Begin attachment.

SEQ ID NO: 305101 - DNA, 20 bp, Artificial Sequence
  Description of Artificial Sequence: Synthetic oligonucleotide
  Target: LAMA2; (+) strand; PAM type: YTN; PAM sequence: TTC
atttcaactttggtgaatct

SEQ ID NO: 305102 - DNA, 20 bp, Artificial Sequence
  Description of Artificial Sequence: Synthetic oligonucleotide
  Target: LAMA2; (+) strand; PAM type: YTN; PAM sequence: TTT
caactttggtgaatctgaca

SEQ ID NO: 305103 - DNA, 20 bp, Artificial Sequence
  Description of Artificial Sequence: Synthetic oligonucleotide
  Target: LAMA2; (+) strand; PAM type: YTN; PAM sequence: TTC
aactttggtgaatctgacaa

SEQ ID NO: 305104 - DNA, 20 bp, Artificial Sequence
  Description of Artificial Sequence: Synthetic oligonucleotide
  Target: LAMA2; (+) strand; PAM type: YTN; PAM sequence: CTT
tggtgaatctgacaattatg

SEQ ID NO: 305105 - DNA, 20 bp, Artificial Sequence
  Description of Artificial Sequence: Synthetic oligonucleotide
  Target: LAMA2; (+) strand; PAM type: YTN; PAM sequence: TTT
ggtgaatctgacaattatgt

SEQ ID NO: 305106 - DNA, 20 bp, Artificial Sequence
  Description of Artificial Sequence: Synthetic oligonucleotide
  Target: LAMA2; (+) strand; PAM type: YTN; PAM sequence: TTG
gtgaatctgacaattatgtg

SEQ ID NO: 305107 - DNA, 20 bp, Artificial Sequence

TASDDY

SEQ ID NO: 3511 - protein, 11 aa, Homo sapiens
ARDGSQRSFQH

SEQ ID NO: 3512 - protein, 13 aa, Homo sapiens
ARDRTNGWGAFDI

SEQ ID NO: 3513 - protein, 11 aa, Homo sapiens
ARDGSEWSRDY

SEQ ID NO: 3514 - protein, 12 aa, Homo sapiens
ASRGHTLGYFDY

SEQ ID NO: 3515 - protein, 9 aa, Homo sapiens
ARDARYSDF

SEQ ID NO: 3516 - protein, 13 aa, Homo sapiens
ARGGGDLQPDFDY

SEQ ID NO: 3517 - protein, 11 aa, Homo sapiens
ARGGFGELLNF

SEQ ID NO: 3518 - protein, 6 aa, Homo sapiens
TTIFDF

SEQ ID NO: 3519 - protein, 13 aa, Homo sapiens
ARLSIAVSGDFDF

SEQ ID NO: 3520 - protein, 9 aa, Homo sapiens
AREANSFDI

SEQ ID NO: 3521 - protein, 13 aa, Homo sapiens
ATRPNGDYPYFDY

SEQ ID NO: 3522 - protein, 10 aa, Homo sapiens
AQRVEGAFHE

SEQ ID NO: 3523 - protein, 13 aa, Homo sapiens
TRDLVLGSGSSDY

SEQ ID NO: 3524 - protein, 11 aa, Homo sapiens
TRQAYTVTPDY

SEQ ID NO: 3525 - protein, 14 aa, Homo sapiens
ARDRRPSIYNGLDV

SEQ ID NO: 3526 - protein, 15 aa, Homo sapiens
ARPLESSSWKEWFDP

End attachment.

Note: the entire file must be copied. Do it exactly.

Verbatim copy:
SEQ ID NO: 305101 - DNA, 20 bp, Artificial Sequence
  Description of Artificial Sequence: Synthetic oligonucleotide
  Target: LAMA2; (+) strand; PAM type: YTN; PAM sequence: TTC
atttcaactttggtgaatct

SEQ ID NO: 305102 - DNA, 20 bp, Artificial Sequence
  Description of Artificial Sequence: Synthetic oligonucleotide
  Target: LAMA2; (+) strand; PAM type: YTN; PAM sequence: TTT
caactttggtgaatctgaca

SEQ ID NO: 305103 - DNA, 20 bp, Artificial Sequence
  Description of Artificial Sequence: Synthetic oligonucleotide
  Target: LAMA2; (+) strand; PAM type: YTN; PAM sequence: TTC
aactttggtgaatctgacaa

SEQ ID NO: 305104 - DNA, 20 bp, Artificial Sequence
  Description of Artificial Sequence: Synthetic oligonucleotide
  Target: LAMA2; (+) strand; PAM type: YTN; PAM sequence: CTT
tggtgaatctgacaattatg

SEQ ID NO: 305105 - DNA, 20 bp, Artificial Sequence
  Description of Artificial Sequence: Synthetic oligonucleotide
  Target: LAMA2; (+) strand; PAM type: YTN; PAM sequence: TTT
ggtgaatctgacaattatgt

SEQ ID NO: 305106 - DNA, 20 bp, Artificial Sequence
  Description of Artificial Sequence: Synthetic oligonucleotide
  Target: LAMA2; (+) strand; PAM type: YTN; PAM sequence: TTG
gtgaatctgacaattatgtg

SEQ ID NO: 305107 - DNA, 20 bp, Artificial Sequence

TASDDY

SEQ ID NO: 3511 - protein, 11 aa, Homo sapiens
ARDGSQRSFQH

SEQ ID NO: 3512 - protein, 13 aa, Homo sapiens
ARDRTNGWGAFDI

SEQ ID NO: 3513 - protein, 11 aa, Homo sapiens
ARDGSEWSRDY

SEQ ID NO: 3514 - protein, 12 aa, Homo sapiens
ASRGHTLGYFDY

SEQ ID NO: 3515 - protein, 9 aa, Homo sapiens
ARDARYSDF

SEQ ID NO: 3516 - protein, 13 aa, Homo sapiens
ARGGGDLQPDFDY

SEQ ID NO: 3517 - protein, 11 aa, Homo sapiens
ARGGFGELLNF

SEQ ID NO: 3518 - protein, 6 aa, Homo sapiens
TTIFDF

SEQ ID NO: 3519 - protein, 13 aa, Homo sapiens
ARLSIAVSGDFDF

SEQ ID NO: 3520 - protein, 9 aa, Homo sapiens
AREANSFDI

SEQ ID NO: 3521 - protein, 13 aa, Homo sapiens
ATRPNGDYPYFDY

SEQ ID NO: 3522 - protein, 10 aa, Homo sapiens
AQRVEGAFHE

SEQ ID NO: 3523 - protein, 13 aa, Homo sapiens
TRDLVLGSGSSDY

SEQ ID NO: 3524 - protein, 11 aa, Homo sapiens
TRQAYTVTPDY

SEQ ID NO: 3525 - protein, 14 aa, Homo sapiens
ARDRRPSIYNGLDV

SEQ ID NO: 3526 - protein, 15 aa, Homo sapiens
ARPLESSSWKEWFDP